Employment Law Updates

Employment legislation can change frequently which often means changes to our usual practices and policies. Detailed below are any recent and upcoming employment law changes that you should be aware of.

As new laws are implemented, the template policy documents, forms and letters in each section of the employee lifecycle will be updated and linked to the articles here, so you will always have the most up to date information available to you in the Parish HR Support Services pages.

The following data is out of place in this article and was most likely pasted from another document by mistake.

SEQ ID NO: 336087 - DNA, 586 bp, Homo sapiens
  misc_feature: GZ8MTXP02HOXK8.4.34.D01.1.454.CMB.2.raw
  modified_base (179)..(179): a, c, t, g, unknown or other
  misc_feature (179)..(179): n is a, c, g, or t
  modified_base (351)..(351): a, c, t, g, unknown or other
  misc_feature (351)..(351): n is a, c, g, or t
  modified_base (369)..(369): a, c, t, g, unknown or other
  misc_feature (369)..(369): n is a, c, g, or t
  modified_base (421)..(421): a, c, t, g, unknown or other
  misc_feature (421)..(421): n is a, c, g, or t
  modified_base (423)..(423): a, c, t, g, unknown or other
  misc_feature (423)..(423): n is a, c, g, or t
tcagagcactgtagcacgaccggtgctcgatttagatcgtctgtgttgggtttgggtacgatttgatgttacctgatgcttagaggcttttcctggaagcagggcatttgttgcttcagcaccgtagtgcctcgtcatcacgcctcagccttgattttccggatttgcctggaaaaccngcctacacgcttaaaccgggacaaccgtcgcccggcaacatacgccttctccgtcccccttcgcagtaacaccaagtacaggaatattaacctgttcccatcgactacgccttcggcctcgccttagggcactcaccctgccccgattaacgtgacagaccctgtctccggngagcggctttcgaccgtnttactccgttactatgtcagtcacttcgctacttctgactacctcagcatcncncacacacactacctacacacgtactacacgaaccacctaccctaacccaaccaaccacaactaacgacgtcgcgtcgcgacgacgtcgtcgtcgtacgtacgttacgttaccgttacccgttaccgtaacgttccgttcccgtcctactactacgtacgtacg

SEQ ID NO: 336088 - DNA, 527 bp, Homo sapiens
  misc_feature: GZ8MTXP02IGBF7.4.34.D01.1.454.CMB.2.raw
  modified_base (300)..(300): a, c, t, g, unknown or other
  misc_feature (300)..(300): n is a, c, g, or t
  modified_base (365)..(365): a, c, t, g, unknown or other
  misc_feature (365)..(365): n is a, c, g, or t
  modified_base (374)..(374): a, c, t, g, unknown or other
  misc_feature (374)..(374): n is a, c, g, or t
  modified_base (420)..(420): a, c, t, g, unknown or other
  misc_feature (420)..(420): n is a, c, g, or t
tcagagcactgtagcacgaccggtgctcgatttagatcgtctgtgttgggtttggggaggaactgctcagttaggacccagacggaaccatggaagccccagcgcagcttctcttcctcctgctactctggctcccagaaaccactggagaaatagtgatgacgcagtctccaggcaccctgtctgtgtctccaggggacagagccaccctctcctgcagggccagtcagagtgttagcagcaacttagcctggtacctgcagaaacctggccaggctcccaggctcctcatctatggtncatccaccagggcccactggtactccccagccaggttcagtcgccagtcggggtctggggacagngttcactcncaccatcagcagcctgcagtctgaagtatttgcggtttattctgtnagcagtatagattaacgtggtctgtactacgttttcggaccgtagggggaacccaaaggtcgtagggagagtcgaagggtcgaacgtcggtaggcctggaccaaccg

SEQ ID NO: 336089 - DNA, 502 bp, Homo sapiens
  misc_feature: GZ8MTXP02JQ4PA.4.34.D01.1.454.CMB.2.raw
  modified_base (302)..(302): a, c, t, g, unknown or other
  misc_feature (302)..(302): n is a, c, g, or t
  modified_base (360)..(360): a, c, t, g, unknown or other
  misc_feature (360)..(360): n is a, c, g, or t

Recent Law Updates

National Minimum Wage hourly rates - April 2024

  • National Living Wage (21+)   £11.44   
  • 18-20 Year Old Rate   £8.60 
  • 16-17 Year Old Rate   £6.40   
  • Apprentice Rate   £6.40     
  • Accommodation Offset   £9.99

National Minimum Wage Hourly Rates – current until March 2024

  • National Living Wage (23+)   £10.42   
  • 21-22 Year Old Rate   £10.18   
  • 18-20 Year Old Rate   £7.49   
  • 16-17 Year Old Rate   £5.28   
  • Apprentice Rate   £5.28     
  • Accommodation Offset   £9.10

Please note that the Diocese has a policy, that where possible all employees are paid the Real Living Wage which is currently £12 per hour in the UK (£13.15 in London).